The Evensong, from Matthew’s gospel: Part 4: Cry out!

In this series I have been going through the last few days of Jesus’ public ministry. Once he knew his time had come, he set off toward Jerusalem with his disciples to precipitate the fulfilment of his mission. Soon a large crowd was following along, with a very different idea of what was about to happen in Jerusalem. What would it had been like to be there?

Matthew 20:29-34 And as they went out from Jericho a great crowd followed him. And lo, two blind men, sitting by the wayside, having heard that Jesus was passing by, cried out saying, Have mercy on us, Lord, Son of David. But the crowd rebuked them, that they might be silent. But they cried out the more, saying, Have mercy on us, Lord, Son of David. And Jesus, having stopped, called them and said, What will ye that I shall do to you? They say to him, Lord, that our eyes may be opened. And Jesus, moved with compassion, touched their eyes; and immediately their eyes had sight restored to them, and they followed him.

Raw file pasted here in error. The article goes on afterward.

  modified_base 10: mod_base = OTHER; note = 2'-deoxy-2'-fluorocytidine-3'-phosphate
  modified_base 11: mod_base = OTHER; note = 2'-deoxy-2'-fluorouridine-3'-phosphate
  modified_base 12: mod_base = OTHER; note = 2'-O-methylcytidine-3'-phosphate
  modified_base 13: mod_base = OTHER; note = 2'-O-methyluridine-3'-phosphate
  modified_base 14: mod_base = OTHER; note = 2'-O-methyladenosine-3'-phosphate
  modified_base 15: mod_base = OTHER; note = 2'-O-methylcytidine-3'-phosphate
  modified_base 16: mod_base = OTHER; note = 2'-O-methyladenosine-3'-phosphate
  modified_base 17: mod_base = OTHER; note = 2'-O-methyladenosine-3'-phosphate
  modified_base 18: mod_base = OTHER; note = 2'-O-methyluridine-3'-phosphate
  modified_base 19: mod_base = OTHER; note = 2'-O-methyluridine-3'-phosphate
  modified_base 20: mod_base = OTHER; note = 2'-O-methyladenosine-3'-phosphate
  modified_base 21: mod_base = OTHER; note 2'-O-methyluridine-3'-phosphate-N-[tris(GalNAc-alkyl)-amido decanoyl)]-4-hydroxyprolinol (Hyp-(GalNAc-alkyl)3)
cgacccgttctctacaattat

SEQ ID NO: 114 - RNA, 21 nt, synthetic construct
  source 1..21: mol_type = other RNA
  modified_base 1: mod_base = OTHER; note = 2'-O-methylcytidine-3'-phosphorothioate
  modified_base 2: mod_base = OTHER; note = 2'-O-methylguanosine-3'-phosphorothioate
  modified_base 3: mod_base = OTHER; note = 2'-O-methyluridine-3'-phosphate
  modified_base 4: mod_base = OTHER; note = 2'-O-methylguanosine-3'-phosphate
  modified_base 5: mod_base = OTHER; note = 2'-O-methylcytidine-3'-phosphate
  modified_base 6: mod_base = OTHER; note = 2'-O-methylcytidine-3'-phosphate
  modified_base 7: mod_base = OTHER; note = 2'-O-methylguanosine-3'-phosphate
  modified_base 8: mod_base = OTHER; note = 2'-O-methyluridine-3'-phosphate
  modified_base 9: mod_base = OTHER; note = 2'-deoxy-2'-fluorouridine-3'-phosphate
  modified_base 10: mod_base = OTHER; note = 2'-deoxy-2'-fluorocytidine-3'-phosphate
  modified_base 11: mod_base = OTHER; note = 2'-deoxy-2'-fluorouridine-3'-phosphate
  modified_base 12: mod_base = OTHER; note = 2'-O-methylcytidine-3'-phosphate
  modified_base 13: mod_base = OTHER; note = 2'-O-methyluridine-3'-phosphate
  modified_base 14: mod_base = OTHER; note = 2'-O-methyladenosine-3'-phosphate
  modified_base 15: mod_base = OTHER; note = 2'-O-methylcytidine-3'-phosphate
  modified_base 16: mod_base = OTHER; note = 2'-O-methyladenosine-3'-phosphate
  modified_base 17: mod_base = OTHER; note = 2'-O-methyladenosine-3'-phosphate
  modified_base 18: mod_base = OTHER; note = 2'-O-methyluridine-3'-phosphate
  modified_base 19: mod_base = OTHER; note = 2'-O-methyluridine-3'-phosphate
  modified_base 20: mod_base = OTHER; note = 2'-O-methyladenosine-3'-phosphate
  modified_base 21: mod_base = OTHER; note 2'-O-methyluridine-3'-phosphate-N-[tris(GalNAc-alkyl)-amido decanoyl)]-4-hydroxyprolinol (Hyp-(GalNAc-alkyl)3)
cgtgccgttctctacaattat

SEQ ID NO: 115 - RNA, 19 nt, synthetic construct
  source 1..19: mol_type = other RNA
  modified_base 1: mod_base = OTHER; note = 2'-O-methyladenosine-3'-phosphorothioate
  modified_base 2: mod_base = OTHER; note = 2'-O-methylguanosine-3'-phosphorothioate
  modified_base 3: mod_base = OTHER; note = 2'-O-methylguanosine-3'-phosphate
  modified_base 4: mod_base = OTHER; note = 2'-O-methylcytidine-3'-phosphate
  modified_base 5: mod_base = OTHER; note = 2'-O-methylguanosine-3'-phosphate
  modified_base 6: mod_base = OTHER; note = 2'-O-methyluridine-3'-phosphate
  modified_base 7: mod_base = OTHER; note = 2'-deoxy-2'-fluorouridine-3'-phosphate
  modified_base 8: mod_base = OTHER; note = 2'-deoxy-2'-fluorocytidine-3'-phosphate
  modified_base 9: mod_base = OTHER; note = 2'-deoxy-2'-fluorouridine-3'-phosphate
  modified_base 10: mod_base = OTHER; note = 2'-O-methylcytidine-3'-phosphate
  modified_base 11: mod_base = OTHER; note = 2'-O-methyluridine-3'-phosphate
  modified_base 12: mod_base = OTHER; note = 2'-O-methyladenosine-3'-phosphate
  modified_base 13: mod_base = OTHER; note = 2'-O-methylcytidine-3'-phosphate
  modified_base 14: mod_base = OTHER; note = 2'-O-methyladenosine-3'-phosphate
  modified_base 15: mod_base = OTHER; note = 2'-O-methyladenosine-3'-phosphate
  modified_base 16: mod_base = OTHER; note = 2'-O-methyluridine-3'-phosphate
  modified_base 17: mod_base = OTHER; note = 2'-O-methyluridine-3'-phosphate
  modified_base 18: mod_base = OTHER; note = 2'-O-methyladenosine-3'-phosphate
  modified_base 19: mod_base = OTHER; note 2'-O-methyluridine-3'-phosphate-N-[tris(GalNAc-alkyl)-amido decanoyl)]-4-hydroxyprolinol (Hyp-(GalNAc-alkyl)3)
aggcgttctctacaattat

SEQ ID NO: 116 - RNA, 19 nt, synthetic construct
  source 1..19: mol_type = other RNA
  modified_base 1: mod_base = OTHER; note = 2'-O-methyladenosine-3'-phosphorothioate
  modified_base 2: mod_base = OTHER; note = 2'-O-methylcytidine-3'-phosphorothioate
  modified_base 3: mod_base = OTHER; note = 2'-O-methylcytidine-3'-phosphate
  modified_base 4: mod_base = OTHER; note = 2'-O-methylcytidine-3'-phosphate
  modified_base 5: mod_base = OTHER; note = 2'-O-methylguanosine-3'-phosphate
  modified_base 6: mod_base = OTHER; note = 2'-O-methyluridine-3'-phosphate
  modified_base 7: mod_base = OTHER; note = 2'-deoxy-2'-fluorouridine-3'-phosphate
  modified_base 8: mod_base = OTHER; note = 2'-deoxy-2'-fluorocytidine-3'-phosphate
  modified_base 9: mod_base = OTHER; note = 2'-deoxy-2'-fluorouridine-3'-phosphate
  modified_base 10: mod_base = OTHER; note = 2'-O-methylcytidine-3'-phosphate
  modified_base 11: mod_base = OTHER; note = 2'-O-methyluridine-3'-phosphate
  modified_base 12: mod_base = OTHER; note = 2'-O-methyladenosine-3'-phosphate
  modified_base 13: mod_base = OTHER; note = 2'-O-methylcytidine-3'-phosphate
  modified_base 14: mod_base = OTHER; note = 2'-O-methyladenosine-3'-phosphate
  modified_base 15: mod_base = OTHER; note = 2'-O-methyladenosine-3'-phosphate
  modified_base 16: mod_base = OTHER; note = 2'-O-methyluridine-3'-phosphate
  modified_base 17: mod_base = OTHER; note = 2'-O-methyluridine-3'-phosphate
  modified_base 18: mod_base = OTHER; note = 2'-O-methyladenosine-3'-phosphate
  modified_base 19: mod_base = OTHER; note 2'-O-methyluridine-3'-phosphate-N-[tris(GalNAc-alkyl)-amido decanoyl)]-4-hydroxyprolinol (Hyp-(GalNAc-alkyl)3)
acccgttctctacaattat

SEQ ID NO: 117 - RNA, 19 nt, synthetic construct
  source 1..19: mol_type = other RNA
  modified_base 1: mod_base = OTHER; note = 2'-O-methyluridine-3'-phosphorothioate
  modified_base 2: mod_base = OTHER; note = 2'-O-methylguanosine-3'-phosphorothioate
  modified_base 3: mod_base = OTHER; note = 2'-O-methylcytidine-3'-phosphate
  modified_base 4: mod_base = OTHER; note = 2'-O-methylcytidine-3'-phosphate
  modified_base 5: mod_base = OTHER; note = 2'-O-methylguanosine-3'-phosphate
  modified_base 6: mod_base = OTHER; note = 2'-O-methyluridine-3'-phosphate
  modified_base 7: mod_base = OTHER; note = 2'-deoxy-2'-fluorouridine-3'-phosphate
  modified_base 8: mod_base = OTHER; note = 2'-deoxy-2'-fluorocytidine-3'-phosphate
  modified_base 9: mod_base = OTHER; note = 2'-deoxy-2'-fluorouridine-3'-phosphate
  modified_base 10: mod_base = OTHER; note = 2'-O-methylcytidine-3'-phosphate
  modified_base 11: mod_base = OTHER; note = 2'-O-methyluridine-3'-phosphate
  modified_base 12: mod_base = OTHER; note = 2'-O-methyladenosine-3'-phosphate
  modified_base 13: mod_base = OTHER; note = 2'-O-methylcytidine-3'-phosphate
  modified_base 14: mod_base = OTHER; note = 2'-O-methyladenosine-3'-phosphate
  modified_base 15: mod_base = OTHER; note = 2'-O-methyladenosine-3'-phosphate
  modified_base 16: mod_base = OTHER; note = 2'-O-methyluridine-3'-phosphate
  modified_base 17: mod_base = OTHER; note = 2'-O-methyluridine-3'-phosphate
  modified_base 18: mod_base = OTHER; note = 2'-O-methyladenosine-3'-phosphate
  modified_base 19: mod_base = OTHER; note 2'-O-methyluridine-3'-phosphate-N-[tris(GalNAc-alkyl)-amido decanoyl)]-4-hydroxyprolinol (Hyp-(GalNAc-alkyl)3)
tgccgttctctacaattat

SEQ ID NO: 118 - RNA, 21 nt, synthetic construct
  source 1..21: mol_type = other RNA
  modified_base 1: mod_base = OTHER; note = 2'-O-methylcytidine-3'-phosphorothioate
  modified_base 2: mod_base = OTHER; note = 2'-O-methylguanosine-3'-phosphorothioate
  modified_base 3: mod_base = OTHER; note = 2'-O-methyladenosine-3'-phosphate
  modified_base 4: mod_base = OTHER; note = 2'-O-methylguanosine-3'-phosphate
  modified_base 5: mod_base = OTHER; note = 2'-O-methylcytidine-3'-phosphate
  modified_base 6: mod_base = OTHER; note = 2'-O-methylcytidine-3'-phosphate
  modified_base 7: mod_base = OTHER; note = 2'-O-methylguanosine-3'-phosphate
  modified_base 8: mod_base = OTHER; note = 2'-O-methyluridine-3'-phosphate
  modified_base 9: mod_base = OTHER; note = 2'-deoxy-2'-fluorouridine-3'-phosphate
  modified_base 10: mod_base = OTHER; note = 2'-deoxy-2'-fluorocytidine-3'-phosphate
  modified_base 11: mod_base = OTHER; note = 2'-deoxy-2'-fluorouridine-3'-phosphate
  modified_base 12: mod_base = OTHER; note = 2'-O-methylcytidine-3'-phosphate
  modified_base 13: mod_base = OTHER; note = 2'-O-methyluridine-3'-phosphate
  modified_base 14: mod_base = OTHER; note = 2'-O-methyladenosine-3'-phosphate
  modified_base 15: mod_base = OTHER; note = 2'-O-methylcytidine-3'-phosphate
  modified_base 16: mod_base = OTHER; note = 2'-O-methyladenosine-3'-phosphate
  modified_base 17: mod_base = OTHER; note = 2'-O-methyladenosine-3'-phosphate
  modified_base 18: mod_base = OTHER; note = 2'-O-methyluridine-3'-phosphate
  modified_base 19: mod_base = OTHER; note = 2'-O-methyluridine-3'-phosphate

Every time I read this passage, I have to pause at that verse that says, “But the crowd rebuked them, that they might be silent”. And I wonder, why? Or worse, would I have been one of them?

Here we are following Jesus, and the crowd is only getting bigger. If the rumors that He is the Messiah are true, then this could be the time. Finally, we will have God’s power on our side again… and finally we will get rid of the Romans.

So, why am I bothered by those blind men? I know that this procession is not about me. It is about Jesus. We are all here together because of Him. I doubt He even knows who I am in this whole crowd… So, why am I bothered by those blind men crying out?